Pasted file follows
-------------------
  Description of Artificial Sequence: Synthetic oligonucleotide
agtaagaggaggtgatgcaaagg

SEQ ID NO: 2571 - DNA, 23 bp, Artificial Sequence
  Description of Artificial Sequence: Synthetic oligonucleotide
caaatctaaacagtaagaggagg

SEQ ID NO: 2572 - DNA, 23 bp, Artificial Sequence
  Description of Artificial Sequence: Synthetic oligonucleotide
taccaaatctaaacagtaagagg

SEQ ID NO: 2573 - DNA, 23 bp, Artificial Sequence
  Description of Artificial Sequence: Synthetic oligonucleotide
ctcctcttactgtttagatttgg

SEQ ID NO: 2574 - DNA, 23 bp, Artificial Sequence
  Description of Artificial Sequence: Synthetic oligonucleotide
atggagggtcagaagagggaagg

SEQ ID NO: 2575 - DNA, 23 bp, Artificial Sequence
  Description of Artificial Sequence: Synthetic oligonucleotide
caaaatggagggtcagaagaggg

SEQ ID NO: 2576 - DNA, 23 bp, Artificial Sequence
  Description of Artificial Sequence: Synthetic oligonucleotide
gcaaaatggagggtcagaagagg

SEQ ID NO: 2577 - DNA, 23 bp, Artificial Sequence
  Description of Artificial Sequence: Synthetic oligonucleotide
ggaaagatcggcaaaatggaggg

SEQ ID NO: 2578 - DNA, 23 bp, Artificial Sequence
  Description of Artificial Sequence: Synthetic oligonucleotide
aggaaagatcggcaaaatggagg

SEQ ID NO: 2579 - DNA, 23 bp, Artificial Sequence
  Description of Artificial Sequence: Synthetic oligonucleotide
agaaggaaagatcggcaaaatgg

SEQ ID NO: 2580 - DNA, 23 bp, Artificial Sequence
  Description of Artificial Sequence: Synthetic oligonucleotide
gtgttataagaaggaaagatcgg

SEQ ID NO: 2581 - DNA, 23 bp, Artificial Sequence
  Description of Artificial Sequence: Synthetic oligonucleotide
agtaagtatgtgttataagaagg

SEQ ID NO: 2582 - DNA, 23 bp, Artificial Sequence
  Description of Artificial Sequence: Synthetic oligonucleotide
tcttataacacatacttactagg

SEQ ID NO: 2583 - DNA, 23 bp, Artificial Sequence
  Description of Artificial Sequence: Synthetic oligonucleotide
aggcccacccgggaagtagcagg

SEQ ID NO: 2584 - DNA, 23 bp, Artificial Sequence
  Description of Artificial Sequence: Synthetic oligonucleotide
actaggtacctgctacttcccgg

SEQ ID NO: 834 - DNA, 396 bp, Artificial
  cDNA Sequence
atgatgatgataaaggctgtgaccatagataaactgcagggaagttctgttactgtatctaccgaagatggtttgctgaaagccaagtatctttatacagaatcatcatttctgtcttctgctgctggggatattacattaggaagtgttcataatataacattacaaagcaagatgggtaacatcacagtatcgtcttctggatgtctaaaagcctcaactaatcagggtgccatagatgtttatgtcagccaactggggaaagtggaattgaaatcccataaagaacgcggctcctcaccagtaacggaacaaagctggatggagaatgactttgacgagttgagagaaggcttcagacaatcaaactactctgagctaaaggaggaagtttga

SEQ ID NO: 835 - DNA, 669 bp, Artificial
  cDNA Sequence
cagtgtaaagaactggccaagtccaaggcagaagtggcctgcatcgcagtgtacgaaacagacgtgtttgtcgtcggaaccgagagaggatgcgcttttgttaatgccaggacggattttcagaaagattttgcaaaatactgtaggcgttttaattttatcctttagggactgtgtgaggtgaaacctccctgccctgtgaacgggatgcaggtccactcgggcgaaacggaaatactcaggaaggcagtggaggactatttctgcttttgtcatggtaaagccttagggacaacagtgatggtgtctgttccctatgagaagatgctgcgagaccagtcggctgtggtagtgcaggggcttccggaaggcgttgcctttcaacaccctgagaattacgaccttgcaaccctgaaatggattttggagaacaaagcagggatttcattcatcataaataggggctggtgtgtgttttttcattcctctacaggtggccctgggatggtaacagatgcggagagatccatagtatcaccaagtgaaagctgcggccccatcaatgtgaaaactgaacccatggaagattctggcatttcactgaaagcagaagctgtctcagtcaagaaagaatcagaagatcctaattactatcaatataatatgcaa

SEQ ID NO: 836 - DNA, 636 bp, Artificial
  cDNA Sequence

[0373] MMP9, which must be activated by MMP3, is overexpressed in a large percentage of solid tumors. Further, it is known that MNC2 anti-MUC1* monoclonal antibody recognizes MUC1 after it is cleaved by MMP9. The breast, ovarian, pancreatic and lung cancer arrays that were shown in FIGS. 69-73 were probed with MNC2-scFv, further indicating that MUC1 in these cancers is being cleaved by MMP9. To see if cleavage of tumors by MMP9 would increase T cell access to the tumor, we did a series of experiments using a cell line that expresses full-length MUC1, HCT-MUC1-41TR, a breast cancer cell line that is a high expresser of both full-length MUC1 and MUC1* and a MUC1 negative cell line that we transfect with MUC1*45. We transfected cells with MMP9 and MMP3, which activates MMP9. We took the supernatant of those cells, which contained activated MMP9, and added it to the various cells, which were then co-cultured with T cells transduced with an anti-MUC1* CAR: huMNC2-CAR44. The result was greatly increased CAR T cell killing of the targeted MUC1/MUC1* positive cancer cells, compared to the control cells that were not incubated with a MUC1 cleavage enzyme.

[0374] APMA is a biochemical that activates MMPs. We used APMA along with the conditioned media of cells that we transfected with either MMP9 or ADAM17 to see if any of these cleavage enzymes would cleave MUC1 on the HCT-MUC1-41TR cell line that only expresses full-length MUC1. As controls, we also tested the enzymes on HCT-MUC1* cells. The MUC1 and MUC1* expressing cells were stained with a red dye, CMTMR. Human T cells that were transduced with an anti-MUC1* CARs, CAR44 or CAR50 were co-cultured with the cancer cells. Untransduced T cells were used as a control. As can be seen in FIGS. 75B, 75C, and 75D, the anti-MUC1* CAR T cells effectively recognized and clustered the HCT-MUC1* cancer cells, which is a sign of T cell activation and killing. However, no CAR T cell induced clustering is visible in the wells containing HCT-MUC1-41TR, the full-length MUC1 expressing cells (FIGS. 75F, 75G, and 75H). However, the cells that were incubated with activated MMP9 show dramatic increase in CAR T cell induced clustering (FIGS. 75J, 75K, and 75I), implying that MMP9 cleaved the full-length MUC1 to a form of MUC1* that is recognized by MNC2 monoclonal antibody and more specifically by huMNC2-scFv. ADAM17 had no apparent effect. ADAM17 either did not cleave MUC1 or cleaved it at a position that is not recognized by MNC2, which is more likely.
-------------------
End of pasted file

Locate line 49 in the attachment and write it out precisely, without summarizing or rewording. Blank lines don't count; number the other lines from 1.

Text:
  cDNA Sequence